United States: Federal Circuit Affirms Tygacil Formulation Patent

In a non-precedential decision in Apotex, Inc. v. Wyeth LLC, the Federal Circuit affirmed the decision of the USPTO Patent Trial and Appeal Board (PTAB) finding that Apotex had failed to show that claims directed to a specific formulation of tigecycline were invalid as obvious. Both the PTAB and Federal Circuit decisions show that while the burden of proof is lower in an inter partes review proceeding than a district court proceeding, it still can be difficult to invalidate a patent. Indeed, Apotex's second attempt to invalidate this Tygacil formulation patent in an inter partes review proceeding was denied institution in September 2015, while this appeal was pending.

The Tygacil Formulation Patent At Issue

The patent at issue was Wyeth's U.S. Patent No. 7,879,828, which is directed to a specific formulation of tigecycline, a tetracycline antibiotic and the active ingredient of Wyeth's Tygacil® product.

  1. A composition comprising tigecycline, lactose, and an acid selected from hydrochloric acid and gentisic acid, wherein the molar ratio of tigecycline to lactose is between about 1:0.2 and about 1:5 and the pH of the composition in a solution is between about 3.0 and about 7.0.

As set forth in the Federal Circuit decision, "[a]ccording to the specification [of the '828 patent], the acid minimizes oxidative degradation, and the carbohydrate stabilizes the tigecycline against epimer formation at acidic pH."

The Inter Partes Review Proceeding

Apotex sought inter partes review of the '828 patent, which was instituted based on the following references:

  • Chinese Patent Publication No. 1390550A, which discloses a minocycline-based powder injection (like tigecycline, minocycline is a tetracycline antibiotic).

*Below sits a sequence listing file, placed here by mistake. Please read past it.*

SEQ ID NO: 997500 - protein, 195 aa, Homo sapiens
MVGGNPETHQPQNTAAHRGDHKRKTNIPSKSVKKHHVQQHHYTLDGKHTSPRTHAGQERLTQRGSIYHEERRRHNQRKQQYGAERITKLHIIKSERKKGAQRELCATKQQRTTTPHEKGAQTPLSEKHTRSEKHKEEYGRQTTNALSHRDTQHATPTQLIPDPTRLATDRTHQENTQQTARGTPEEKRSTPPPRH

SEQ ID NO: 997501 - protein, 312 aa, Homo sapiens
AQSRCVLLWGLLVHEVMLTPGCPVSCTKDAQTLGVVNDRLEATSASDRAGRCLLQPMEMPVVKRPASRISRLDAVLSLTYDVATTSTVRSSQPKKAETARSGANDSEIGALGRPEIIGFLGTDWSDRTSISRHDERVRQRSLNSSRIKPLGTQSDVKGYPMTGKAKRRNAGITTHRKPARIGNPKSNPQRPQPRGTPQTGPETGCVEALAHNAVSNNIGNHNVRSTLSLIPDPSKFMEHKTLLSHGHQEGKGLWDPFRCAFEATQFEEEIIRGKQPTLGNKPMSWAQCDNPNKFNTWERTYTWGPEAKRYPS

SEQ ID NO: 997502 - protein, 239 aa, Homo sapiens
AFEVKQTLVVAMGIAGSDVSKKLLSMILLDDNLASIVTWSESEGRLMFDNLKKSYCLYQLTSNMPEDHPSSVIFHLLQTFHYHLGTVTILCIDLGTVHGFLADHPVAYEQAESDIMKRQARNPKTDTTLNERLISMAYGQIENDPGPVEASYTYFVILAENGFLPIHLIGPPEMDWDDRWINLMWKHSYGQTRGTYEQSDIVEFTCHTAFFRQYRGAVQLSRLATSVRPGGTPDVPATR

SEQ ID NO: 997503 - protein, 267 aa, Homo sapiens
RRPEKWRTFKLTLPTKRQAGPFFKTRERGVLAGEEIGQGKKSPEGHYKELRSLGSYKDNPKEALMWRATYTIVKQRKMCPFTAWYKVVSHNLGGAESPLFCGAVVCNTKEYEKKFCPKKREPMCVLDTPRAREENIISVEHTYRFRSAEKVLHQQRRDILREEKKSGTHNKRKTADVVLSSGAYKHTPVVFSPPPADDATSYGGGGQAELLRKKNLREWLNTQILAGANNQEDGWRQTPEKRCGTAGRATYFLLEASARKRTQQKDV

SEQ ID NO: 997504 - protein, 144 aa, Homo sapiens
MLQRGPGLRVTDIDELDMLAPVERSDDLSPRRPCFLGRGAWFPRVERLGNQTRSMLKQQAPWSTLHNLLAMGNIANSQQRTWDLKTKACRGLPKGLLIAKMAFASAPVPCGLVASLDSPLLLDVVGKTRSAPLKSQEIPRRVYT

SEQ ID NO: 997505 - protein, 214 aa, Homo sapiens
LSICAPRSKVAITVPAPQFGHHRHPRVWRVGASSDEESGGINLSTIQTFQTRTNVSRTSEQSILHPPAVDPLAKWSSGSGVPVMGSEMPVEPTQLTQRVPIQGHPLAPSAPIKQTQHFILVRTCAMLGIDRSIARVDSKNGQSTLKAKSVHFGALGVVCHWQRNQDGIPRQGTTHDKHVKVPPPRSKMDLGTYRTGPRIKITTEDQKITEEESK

• Naggar et al., "Effect of Solubilizers on the Stability of Tetracycline," 29 PHARMAZIE 126 (1974)
  • Pawelczyk et al., "Kinetics of Drug Decomposition: Part 74: Kinetics of Degradation of Minocycline in Aqueous Solution," 34 POL. J. PHARMACOL. PHARM. 409 (1982)

The Federal Circuit decision summarizes the PTAB's findings as to the disclosures of the cited references as follows:

  • CN '550 discloses a formulation comprising "'minocycline hydrochloride, ... [a] lyophilized powder supporting agent, and a suitable amount of a pH adjusting agent,'" where "[t]he powder supporting agent can be lactose, and the 'pH adjusting agent is an inorganic acid, such as hydrochloric acid.'" The reference teaches that "[t]he composition is stable against "degradation by light, heat, oxygen, and water,'" but does not discuss epimerization.
  • Pawelczyk discusses "the stability of minocycline in solutions over a broad range of pHs, specifically 'teach[ing] that oxidation is the predominant minocycline degradation process above pH 5.'"
  • Naggar discusses "tetracycline epimerization, specifically teaching that 'at a pH of 2–6, tetracycline undergoes a reversible epimerization at the C4 dimethylamino group.'"

The PTAB determined that Apotex has not established obviousness based on these references:

It first reasoned that Apotex failed to explain why a skilled artisan "would have substituted tigecycline for minocycline in the CN '550 composition for any reason, much less in an attempt to make a lyophilized tigecycline composition that was stable against epimerization." .... It then reasoned that Apotex failed to establish why a skilled artisan would have been motivated to combine CN '550, Pawelczyk, and Naggar, and use lactose, as a means for stabilizing tigecycline against epimerization.